WiFi that works with nuclear radiation and the world’s most expensive material: californium-252



The California is a radioactive chemical element obtained for the first time in the University of California at Berkeley, in 1950, bombard curium with alpha particles. It is the heaviest element produced on Earth, and it is also the most expensive after Antimatter, since obtaining A single gram of Californium-252 is worth nearly 24 million euros …

What is this exotic material used for? It can be used to help ignite nuclear reactors, and in the nuclear synthesis of elements of greater mass. And from this year, also to create Wi-Fi signals. Because that’s what this story is about: A type of nuclear wifi that was created using nuclear radiation to transmit digital data wirelessly instead of electromagnetic waves. No, it’s not something Tony Stark rolled up his sleeve, but it is.

El Nuclear Wi-Fi

Radio waves and cell phone signals rely on electromagnetic radiation for communication, but in a new breakthrough Lancaster University Engineers (UK), together with the Jožef Stefan Institute (Slovenia), has successfully transferred wirelessly digitally encoded information using “Fast neutrons” en instead of the usual electromagnetic wave technology.

The researchers measured the spontaneous emission of fast neutrons of californium-252, a radioactive isotope produced in nuclear reactors. The modulated emissions were measured with a detector and recorded on a laptop computer.. And in the experiment, several examples of information were successfully sent: A blind word, alphabet and random number.


These digital data are “serially encoded in neutron field modulation and the output was decoded on a laptop computer which retrieved the encoded information on the screen ”, achieve what they were looking for: wireless digital information transmission. All transmission tests performed were 100% satisfactory.

Lancaster University Professor Malcolm Joyce noted that: “We demonstrate the potential of fast neutron radiation as a means of wireless communication for applications where conventional electromagnetic transmission is not feasible or is inherently limited. “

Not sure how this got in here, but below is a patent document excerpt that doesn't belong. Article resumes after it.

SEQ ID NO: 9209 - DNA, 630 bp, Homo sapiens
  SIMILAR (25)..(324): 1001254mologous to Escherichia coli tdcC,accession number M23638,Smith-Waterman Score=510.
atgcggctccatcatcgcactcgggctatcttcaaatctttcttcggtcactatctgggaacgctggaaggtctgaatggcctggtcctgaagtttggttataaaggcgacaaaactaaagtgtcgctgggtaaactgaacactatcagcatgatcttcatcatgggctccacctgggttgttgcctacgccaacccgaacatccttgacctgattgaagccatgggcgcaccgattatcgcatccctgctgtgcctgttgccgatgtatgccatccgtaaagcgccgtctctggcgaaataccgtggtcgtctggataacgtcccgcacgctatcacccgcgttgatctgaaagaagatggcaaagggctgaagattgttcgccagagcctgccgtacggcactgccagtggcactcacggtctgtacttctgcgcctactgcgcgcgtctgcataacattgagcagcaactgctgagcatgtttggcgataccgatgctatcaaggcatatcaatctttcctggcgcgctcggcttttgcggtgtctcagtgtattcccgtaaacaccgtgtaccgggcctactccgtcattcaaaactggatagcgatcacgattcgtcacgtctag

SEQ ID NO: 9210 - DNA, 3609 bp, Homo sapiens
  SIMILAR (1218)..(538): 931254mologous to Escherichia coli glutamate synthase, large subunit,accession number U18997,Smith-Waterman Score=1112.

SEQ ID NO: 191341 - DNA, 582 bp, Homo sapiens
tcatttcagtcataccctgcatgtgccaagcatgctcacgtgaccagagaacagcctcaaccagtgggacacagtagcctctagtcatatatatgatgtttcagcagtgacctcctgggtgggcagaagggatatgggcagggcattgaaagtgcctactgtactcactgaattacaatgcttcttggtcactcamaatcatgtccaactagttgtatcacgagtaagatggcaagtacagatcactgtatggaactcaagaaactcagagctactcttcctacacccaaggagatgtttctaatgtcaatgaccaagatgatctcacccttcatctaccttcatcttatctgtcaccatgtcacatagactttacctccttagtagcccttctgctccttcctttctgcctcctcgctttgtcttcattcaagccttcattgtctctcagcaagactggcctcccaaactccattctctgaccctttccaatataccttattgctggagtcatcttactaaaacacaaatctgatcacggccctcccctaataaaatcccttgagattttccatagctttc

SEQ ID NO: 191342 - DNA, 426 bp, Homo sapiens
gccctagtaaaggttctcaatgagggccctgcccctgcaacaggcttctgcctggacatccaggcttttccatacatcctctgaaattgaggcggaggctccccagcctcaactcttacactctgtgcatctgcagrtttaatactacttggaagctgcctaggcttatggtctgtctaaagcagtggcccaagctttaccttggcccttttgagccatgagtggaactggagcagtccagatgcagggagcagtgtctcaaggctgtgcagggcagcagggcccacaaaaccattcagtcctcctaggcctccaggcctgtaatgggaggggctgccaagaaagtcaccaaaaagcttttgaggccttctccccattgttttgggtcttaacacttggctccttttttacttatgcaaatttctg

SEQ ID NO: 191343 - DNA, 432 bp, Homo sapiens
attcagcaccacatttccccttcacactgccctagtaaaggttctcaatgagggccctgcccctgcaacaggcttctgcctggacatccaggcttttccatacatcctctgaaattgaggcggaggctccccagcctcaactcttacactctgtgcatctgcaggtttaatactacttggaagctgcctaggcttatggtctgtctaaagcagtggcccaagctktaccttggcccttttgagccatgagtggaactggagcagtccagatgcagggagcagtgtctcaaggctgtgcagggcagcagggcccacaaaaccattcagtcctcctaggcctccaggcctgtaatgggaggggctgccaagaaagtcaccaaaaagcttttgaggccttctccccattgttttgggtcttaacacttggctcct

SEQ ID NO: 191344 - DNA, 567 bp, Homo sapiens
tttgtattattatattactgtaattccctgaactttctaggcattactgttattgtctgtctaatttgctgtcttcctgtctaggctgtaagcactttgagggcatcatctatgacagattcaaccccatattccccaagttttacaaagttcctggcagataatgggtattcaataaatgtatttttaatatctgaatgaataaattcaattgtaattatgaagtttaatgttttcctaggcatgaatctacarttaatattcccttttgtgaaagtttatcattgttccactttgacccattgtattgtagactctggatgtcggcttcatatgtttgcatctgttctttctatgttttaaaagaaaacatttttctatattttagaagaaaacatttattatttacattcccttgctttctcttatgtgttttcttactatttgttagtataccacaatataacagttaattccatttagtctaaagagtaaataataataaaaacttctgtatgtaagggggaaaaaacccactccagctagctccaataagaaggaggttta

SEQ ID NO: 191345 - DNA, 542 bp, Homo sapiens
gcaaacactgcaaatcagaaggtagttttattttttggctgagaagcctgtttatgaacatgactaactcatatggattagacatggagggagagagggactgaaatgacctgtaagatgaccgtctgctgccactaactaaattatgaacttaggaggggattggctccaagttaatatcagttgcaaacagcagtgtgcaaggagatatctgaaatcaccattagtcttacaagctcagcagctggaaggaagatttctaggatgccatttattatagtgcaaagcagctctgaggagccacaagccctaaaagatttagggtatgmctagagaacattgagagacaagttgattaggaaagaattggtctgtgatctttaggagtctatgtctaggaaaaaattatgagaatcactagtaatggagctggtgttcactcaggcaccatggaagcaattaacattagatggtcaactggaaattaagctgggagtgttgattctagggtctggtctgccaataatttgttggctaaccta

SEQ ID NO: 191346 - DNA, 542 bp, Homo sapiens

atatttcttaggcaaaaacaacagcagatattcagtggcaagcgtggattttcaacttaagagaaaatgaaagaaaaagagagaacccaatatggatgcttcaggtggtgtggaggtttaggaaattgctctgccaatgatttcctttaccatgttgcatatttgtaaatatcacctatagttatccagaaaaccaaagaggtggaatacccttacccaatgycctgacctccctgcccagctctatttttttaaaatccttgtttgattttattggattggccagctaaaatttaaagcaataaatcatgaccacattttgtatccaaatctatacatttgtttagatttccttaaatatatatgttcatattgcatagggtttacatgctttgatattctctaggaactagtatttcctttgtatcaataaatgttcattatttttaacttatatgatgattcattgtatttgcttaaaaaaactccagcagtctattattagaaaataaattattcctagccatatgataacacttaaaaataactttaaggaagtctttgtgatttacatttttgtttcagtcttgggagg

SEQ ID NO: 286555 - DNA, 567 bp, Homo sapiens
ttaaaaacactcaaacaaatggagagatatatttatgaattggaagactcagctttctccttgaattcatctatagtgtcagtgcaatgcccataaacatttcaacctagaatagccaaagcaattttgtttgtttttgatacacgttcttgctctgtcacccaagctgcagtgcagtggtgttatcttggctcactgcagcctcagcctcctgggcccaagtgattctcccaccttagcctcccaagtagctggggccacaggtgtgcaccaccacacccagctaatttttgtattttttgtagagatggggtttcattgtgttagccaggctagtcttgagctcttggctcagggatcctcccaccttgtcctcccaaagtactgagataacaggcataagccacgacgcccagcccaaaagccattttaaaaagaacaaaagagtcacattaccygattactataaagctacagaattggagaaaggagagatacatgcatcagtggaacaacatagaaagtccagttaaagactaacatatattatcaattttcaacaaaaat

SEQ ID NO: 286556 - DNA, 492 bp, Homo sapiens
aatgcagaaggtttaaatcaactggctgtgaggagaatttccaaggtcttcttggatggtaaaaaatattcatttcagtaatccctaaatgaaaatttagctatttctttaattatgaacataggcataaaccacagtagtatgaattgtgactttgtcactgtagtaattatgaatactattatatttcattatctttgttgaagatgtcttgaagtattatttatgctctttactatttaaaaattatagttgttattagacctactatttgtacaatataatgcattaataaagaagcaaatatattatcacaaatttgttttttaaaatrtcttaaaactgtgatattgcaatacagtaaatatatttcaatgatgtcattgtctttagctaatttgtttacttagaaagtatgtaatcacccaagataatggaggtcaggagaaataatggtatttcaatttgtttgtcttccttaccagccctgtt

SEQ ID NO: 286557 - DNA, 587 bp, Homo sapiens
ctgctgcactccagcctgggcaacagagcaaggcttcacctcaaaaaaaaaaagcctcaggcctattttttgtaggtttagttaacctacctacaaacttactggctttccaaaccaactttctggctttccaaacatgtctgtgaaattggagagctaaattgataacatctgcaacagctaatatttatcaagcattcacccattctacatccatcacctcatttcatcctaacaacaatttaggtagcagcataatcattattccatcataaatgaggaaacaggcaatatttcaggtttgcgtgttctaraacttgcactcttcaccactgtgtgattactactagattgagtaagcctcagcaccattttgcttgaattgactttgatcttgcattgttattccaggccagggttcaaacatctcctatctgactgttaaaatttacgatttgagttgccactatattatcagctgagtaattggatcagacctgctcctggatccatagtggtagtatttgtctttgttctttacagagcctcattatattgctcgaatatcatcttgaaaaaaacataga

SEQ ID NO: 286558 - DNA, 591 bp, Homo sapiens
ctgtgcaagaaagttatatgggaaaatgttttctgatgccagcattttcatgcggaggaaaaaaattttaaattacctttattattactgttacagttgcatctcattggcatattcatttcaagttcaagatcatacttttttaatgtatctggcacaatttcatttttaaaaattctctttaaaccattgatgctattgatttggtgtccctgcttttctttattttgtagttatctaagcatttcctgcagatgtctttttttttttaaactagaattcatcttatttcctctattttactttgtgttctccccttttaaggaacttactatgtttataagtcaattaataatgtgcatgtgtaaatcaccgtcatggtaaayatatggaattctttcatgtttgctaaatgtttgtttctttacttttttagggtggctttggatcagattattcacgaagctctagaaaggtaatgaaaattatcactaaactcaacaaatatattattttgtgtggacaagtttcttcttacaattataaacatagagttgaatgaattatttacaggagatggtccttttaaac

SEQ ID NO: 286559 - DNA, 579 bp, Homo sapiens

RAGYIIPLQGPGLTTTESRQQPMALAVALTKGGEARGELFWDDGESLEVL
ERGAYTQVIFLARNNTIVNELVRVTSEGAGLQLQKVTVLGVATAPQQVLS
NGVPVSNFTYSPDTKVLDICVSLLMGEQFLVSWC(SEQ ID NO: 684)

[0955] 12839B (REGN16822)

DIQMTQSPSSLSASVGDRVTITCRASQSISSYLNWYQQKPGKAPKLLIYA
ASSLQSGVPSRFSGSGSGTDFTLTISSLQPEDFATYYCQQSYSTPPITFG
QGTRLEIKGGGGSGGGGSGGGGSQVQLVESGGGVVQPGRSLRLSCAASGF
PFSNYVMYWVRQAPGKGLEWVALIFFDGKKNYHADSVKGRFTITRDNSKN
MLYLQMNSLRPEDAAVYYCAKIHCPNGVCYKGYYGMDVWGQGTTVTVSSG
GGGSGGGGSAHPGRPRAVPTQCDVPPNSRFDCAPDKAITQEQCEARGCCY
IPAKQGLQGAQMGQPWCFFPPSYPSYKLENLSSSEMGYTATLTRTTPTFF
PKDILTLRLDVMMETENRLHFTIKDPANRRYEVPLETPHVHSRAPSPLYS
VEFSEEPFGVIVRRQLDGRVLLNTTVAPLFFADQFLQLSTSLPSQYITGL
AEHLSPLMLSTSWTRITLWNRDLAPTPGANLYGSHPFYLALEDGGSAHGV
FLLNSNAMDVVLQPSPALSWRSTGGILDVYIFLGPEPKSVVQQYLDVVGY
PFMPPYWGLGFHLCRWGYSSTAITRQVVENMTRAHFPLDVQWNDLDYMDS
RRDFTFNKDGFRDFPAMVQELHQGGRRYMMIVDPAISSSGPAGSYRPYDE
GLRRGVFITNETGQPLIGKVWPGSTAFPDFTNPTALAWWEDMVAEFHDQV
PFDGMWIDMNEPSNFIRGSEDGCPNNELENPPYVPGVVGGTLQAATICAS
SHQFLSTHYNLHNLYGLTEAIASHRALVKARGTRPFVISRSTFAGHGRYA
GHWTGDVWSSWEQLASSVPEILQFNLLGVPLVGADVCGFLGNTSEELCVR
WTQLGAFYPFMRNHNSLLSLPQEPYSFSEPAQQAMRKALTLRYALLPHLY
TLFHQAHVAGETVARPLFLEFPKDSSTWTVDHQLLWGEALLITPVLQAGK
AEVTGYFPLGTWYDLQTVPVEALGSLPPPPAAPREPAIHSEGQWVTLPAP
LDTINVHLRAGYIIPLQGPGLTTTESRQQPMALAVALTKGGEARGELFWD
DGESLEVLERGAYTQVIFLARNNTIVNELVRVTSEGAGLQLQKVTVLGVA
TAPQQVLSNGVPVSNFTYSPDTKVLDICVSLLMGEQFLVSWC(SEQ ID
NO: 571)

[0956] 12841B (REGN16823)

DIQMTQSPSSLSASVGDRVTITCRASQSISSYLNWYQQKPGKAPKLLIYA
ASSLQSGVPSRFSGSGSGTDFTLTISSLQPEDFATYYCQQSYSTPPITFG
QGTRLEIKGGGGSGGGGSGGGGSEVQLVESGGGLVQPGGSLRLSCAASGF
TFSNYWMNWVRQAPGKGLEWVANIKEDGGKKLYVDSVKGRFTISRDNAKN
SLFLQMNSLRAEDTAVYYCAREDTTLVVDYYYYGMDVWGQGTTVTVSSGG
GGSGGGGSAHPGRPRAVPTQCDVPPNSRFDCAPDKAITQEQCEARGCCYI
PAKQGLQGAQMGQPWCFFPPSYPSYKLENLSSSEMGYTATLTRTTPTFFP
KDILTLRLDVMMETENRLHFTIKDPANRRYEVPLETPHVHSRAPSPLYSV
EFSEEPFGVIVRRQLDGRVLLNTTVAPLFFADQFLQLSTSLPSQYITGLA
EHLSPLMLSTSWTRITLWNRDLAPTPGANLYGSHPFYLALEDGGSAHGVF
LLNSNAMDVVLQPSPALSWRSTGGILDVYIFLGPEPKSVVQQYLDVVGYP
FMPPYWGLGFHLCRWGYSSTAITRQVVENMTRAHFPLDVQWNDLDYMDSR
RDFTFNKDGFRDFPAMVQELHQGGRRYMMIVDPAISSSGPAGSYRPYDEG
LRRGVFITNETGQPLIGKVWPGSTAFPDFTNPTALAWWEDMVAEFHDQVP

According to him, fast neutrons have an advantage over conventional electromagnetic waves, which they are considerably weakened when transmitted through materials such as metals.

Possible uses of nuclear WiFi: emergency scenarios

Since the anti-nuclear campaigns of the 1970s and 1980s, and things like nuclear weapons or such infamous accidents as the Chernobyl nuclear power plant that are still present, nuclear power continues to have a bad reputation although today many experts advocate a mix of renewable and nuclear energies in “Climate-friendly nuclear power plants”, in addition to building new ones to guarantee a supply of electricity, and that we do not relive the current crisis in which we live, with the price of the kilowatt / hour triggered by an energy crisis of fuels.

Therefore, a WiFi based on radioactive energy makes us wonder about its need. What uses and advantages can nuclear WiFi have over conventional WiFi?

According to Joyce, it can be applied to increase safety in certain critical scenarios, “As a parent the integrity of the reactor containment and the metal vaults and partitions of maritime structures ”. Radioactive Wi-Fi can be important for “Minimize the number of penetrations carried out through these metal structures for communication wiring ”.

Wireless communication mwings efficient than conventional

The use of neutrons for the transmission of information through such structures could “negates the need for such penetrations and may also be relevant for scenarios where limited transmissions are desirable under difficult circumstances, such as emergency rescue operations. “

Fast neutrons could also be incorporated into mixed signal electronic systems to get the mixed signal between electrons and neutrons. This could contribute to the requirement to ensure the integrity of the information transfer.


Disclaimer: This article is generated from the feed and not edited by our team.



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